What have you knitted recently that you like and do you knit for youself?
I knitted a stripey jumper for my daughter Audrey when she was two and I loved it...or maybe I just loved her in it as she looked so cute. I liked one of the Sirdar summer patterns and knit myself a cardigan in rose pink.

Sinead organises a charity knit in lent to make "Born to Soon" baby wraps for the Irish Stillbirth and Neonatal Death Society ISANDS for which she donates the 4ply white wool.  She said it is a sobering and thoughtful time for all involved but that as a group they get much more out of it than just the knitting.  Her shop wall has many photos and letters of thanks from ISANDS. 

She asked me to say that her window display and shop samples are all done by friend and knit-a-holic Margaret Spelman.  I know Margaret quite well and she said that if she doesn't do it then it won't get done...oops halo slipping Sinead.

Finally, and knitters will understand this, Sinead had a sign on the door saying "For knitting emergencys call me at 087 *******".  But she has since taken it down saying she was always getting calls Sunday mornings by women that had run out of wool and were knitting gifts to be delivered that afternoon.

Blacksheep wool on facebook

Irish Stillbirth and Neonatal Death Society

Born to soon baby wrap patterns

Tuesday, November 6, 2012

The animals getting in on the act

We have a number of animals living with us, cats and dogs, hens and ducks and on occasion a pair of pigs. If you knew me a few years ago you would be flabbergasted to know we know have animals as I was the most anti animal person in existance. Don't get me wrong, it's not a case of not liking them...I was just terrified of all animals.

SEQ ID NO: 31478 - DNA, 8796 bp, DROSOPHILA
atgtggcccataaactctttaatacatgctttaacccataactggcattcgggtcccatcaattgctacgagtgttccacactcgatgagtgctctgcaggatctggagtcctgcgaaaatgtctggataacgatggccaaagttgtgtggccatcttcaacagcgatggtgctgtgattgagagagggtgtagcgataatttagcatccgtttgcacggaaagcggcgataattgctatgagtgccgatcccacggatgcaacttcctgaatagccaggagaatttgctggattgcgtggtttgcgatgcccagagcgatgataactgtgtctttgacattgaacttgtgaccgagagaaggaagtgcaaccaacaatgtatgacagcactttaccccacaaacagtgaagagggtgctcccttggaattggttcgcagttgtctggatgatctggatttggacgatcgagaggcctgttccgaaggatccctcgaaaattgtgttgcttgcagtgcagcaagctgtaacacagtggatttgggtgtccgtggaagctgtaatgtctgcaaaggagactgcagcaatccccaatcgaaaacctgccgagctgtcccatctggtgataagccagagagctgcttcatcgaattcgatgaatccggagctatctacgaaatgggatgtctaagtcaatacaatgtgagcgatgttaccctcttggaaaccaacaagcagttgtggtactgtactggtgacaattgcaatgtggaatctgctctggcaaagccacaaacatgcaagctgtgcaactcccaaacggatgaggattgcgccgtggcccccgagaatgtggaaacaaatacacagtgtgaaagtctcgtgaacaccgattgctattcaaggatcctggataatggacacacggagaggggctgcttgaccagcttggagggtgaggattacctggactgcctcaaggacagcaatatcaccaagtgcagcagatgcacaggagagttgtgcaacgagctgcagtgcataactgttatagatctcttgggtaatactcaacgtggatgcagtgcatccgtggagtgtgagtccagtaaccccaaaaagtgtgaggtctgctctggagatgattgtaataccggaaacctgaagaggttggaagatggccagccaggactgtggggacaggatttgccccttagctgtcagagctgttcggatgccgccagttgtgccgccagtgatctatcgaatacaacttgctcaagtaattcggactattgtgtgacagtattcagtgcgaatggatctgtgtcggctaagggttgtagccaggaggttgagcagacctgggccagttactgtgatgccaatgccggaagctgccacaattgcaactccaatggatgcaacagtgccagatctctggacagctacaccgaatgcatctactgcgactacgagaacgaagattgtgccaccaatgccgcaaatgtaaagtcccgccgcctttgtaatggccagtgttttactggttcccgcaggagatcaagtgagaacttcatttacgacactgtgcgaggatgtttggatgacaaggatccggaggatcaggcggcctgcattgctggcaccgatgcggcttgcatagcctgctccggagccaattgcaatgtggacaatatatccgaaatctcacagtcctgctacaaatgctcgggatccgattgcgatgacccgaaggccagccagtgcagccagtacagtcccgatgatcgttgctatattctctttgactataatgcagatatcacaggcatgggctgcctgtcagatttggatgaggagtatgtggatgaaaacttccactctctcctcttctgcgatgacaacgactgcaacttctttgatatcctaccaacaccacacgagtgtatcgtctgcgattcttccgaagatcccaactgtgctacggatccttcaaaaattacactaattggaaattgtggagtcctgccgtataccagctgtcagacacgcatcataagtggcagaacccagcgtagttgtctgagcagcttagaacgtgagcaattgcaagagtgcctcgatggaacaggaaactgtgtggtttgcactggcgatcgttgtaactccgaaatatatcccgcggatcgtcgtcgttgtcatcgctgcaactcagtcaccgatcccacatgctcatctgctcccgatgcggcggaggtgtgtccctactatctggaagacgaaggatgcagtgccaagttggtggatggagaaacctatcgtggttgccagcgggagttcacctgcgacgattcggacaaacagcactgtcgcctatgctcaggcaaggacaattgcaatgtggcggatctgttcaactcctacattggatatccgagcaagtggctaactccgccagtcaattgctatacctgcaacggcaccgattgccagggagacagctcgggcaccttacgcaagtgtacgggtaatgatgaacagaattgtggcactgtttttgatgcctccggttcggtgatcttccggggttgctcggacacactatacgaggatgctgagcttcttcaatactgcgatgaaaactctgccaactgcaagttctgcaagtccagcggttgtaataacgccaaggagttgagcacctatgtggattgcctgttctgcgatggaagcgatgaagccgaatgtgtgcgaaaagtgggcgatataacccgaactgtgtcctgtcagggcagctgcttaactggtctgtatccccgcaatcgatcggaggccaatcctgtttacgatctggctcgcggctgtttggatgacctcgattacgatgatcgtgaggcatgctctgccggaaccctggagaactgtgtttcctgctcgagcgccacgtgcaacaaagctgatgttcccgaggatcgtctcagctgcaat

Picasso cat was the first one to come to us, a misshapen stray wandering the carpark at work that the children took pity on.  He was soon followed by two more cats Simba and Socrates.

Picasso helping plant the peas
When we moved to a house in the country with a large garden I decided I wanted hens.  Hens are wonderful animals to have if you like to bake as the eggs from them are so delicious and so yellow that you will make the most wonderful cakes, no other flavouring needed.  My favourite is just a simple Victoria Sponge, it lets the flavour of the eggs shine.  The hens have now been joined by two ducks but they have yet to earn their keep.
The hen house is loved with a wreath
Our front door at feeding time

The two pigs arrived at the beginning of this summer.  Pinkie and Pixie had a happy life constantly escaping from Dave's farm. They are now pork roasts and bacon in the freezer.
Pinkie and Pixie
Zara dog is the latest addition to our animal family and the most surprising one.  Darling son has always wanted a dog but I have always been terrified of them.  But darling son was supposed to be leaving home and was getting a dog to join him.  Well Zara was ready to leave her doggy Mammy before darling son was ready to leave she moved in for ONE WEEK. And well they are both still here 4 months later.
Zara's first modelling assignment
I have three children, now all adults.  As children they got dragged all around the country to craft fairs that I would be selling at each weekend.  They have probably been in most of the hotels and community centres in the mid west. They also very quickly discovered that they were working children, they became models for my knitwear and got to pose on the coldest beaches and windiest mountains in woolly jumpers so I could get good publicity shoots.  This job has been passed on a selection of nieces and nephews with Leah enjoying it the most, she was born to be a model...or a hippy (but her mother doesn't agree).
Leah models and Simba joins in